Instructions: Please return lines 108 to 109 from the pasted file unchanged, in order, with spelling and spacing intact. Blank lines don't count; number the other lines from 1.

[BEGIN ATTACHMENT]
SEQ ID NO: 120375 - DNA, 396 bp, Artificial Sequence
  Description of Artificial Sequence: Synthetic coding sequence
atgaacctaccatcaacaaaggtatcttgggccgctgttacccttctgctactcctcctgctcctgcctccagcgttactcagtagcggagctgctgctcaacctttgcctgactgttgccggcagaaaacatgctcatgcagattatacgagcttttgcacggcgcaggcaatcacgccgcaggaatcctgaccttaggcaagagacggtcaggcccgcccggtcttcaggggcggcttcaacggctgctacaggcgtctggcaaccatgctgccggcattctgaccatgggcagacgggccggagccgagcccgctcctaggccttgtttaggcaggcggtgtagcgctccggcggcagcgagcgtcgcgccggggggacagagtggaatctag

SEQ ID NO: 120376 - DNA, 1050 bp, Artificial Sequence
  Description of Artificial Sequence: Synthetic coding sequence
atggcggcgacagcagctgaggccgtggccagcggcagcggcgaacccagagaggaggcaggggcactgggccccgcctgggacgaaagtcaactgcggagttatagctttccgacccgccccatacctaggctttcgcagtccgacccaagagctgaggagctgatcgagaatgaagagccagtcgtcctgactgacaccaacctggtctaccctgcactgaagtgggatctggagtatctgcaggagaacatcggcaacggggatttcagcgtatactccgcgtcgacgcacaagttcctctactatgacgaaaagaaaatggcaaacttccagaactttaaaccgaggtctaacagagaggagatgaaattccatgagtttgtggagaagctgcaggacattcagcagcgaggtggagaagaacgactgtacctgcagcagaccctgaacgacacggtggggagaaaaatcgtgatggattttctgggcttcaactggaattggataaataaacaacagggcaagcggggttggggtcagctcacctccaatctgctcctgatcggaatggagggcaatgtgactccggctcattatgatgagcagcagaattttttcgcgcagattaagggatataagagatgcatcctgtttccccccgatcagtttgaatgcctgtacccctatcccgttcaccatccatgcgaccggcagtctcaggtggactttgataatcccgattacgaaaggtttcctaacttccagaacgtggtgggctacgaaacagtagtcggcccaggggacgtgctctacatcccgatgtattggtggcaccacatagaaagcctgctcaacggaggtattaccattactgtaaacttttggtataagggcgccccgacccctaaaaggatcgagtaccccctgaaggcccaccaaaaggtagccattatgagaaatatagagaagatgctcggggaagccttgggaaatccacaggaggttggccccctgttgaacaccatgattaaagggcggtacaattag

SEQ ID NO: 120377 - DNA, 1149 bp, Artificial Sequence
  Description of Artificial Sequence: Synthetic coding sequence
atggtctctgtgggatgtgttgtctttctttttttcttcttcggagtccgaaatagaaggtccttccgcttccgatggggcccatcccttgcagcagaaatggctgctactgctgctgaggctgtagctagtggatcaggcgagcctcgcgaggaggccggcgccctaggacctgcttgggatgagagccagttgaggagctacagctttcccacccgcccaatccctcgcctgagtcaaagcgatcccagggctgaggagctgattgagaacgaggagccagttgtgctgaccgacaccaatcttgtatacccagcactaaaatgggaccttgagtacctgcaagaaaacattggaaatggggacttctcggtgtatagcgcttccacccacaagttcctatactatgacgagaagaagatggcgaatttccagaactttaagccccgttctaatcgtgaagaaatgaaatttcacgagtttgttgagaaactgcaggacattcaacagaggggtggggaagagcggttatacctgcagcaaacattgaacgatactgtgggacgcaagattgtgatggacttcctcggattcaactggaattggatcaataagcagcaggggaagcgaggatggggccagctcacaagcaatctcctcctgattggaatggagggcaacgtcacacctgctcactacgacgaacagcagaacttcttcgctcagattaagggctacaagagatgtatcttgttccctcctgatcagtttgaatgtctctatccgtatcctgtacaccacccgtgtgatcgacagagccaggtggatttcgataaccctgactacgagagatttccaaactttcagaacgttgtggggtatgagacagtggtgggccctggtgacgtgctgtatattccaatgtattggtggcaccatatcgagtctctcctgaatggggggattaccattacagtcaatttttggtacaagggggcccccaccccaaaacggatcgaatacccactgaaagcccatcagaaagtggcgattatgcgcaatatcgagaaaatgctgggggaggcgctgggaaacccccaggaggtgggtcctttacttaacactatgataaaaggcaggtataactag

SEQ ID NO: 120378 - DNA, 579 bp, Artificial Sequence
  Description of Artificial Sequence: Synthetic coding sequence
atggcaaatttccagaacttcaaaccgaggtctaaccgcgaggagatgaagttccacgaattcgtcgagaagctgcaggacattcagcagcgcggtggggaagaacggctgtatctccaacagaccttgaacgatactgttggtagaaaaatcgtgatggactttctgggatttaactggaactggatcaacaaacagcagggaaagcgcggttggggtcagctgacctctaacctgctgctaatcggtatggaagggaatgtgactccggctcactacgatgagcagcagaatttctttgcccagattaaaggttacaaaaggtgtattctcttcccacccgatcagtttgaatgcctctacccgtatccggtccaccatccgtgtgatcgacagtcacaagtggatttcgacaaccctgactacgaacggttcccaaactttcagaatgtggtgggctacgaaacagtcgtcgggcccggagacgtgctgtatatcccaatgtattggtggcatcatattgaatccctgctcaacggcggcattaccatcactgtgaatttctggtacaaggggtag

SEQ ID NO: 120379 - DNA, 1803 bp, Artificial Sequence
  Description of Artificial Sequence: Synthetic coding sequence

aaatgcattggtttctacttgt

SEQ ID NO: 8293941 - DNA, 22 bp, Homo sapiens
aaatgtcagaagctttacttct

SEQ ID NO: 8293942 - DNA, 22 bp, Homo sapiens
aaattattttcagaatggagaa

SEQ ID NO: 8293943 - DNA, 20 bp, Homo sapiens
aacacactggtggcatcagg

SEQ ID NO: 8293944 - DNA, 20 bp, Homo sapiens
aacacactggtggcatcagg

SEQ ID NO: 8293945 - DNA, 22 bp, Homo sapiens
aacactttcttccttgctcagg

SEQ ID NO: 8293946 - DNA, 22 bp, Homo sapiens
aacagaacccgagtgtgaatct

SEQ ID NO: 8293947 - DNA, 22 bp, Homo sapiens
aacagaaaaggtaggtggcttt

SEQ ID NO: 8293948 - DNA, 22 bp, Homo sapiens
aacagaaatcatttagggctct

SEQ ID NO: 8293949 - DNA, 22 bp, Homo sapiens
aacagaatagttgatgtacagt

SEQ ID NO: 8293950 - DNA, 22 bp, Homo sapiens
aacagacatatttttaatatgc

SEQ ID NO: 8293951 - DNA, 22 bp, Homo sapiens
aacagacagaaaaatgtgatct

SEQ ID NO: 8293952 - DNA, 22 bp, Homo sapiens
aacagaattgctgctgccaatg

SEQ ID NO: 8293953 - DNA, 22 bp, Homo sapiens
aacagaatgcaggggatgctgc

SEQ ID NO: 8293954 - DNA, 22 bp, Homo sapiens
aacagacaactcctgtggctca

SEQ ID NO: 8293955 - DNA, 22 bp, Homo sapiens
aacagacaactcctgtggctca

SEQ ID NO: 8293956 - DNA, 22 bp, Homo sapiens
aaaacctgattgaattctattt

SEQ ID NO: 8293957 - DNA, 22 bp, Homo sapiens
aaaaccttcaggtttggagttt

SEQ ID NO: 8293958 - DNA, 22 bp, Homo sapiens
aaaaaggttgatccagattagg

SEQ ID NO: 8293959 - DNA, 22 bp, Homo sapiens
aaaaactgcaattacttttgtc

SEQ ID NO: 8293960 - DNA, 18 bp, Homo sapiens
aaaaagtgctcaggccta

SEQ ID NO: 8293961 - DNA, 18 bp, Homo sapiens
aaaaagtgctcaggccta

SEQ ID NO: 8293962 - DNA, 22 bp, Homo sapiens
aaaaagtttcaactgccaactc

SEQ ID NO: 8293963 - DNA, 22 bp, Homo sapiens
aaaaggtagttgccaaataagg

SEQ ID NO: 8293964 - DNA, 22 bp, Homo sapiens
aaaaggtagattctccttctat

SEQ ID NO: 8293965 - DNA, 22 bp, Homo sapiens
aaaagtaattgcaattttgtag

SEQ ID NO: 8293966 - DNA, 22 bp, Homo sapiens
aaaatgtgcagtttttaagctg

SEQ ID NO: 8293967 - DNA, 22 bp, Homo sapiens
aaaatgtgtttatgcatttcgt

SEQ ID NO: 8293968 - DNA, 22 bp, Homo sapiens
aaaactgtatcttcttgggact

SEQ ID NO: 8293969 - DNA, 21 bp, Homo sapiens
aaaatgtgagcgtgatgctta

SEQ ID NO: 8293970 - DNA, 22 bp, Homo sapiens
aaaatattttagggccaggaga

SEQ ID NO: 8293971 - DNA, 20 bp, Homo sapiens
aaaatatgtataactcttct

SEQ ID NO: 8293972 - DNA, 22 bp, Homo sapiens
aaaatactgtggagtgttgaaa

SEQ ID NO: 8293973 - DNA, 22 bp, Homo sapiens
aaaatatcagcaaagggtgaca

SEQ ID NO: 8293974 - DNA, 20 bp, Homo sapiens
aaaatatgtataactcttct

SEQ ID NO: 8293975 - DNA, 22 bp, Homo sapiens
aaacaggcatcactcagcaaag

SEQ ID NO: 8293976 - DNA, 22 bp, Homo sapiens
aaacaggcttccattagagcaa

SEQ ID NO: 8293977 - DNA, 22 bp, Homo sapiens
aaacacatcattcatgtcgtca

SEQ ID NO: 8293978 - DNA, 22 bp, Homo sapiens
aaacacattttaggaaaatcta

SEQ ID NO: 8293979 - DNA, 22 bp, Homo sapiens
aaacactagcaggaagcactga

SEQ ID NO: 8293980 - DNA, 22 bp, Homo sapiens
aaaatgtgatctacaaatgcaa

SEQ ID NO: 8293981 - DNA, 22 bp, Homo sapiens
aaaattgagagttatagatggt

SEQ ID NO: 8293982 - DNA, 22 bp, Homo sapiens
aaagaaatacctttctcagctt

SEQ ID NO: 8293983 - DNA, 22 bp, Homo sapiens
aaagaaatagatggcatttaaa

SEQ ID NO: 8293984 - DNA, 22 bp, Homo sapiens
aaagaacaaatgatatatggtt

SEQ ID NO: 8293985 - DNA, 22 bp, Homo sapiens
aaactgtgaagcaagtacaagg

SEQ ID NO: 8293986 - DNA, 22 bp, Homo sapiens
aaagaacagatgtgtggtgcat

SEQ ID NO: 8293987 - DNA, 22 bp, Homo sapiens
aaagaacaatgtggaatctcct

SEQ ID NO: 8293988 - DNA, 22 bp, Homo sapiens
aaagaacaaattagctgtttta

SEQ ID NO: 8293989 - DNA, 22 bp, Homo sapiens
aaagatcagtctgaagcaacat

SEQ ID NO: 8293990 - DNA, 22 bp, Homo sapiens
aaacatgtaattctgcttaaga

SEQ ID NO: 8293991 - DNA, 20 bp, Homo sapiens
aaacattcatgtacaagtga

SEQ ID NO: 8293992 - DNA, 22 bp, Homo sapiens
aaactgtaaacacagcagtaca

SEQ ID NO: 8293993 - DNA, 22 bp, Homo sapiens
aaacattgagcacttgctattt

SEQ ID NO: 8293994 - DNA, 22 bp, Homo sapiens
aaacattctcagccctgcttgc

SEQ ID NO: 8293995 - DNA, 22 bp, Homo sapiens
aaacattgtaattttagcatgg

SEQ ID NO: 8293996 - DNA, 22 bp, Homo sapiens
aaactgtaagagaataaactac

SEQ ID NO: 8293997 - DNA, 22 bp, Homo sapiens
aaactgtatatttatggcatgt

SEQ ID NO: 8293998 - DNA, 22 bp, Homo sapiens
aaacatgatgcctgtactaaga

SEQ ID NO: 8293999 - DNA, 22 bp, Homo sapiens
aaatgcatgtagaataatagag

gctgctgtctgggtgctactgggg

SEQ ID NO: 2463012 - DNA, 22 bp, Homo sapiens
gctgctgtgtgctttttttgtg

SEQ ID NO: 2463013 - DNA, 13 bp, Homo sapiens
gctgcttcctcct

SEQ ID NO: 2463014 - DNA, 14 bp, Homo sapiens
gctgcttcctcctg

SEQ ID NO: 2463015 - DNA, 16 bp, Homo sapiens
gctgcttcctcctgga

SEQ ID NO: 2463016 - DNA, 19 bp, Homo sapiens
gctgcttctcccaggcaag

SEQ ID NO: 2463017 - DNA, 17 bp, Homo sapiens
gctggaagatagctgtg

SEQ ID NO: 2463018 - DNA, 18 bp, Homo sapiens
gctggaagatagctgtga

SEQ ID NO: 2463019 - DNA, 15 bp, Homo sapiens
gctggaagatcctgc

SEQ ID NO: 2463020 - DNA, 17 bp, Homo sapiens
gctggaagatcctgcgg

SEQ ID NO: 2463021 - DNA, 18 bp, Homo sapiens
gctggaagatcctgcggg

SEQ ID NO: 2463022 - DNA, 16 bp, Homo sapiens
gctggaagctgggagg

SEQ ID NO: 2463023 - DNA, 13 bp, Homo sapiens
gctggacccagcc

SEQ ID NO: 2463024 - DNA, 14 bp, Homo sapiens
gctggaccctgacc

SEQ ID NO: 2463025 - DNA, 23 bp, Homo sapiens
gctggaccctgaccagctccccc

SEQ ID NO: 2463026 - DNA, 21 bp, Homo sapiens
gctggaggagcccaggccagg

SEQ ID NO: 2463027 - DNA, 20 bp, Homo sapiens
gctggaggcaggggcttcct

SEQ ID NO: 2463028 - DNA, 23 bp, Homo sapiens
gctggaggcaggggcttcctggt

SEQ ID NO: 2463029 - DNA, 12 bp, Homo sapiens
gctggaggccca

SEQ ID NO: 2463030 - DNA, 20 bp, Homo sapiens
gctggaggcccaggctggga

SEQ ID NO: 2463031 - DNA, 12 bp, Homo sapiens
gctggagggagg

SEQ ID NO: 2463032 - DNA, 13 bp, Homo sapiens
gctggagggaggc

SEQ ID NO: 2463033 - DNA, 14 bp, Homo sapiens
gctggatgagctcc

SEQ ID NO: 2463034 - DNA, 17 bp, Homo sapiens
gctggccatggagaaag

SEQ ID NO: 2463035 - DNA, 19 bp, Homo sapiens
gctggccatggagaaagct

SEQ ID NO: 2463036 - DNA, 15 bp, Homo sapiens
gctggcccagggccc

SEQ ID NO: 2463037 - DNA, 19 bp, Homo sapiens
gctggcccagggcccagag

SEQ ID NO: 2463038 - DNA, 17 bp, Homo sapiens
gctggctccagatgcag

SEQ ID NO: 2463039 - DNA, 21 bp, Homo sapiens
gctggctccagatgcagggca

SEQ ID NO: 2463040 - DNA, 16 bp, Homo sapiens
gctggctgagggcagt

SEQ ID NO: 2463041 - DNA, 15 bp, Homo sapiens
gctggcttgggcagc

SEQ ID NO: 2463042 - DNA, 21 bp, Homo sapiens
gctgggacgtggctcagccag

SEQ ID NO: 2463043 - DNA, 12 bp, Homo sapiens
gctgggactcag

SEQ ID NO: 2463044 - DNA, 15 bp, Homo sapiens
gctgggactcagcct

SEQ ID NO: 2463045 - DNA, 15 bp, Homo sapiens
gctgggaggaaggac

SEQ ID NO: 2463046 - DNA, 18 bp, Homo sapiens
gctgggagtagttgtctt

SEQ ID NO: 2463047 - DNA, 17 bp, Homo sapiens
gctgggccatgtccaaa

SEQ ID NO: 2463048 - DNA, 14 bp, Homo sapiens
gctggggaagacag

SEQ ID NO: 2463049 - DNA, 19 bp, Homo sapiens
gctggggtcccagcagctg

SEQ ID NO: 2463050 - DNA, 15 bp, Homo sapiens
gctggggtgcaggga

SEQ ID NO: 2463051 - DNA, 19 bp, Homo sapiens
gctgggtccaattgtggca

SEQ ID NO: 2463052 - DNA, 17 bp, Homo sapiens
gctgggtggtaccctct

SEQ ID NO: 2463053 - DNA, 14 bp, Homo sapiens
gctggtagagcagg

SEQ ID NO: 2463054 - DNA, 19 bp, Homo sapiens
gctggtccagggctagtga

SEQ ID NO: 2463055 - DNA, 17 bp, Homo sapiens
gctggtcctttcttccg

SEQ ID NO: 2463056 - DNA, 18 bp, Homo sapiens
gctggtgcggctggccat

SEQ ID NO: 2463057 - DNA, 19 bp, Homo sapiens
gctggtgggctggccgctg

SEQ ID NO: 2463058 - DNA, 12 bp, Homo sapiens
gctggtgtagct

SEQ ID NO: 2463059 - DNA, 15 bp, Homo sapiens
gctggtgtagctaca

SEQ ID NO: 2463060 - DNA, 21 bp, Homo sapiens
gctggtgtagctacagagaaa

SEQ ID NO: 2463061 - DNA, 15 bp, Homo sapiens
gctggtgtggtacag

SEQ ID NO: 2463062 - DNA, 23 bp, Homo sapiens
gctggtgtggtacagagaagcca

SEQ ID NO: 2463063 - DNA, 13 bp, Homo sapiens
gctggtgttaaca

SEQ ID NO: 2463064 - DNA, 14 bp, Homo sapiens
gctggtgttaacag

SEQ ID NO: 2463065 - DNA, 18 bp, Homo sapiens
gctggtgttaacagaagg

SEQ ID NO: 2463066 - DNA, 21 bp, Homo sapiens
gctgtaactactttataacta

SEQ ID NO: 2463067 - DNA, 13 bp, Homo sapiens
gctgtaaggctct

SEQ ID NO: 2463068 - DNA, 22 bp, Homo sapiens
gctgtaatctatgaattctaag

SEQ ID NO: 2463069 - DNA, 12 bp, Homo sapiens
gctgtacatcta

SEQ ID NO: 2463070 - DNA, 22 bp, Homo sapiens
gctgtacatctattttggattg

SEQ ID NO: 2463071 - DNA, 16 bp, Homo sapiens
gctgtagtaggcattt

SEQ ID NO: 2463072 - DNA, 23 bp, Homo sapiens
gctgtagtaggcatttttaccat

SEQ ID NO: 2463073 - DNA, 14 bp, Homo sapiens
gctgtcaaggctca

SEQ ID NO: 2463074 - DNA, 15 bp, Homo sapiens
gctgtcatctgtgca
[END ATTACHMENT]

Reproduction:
SEQ ID NO: 8293987 - DNA, 22 bp, Homo sapiens
aaagaacaatgtggaatctcct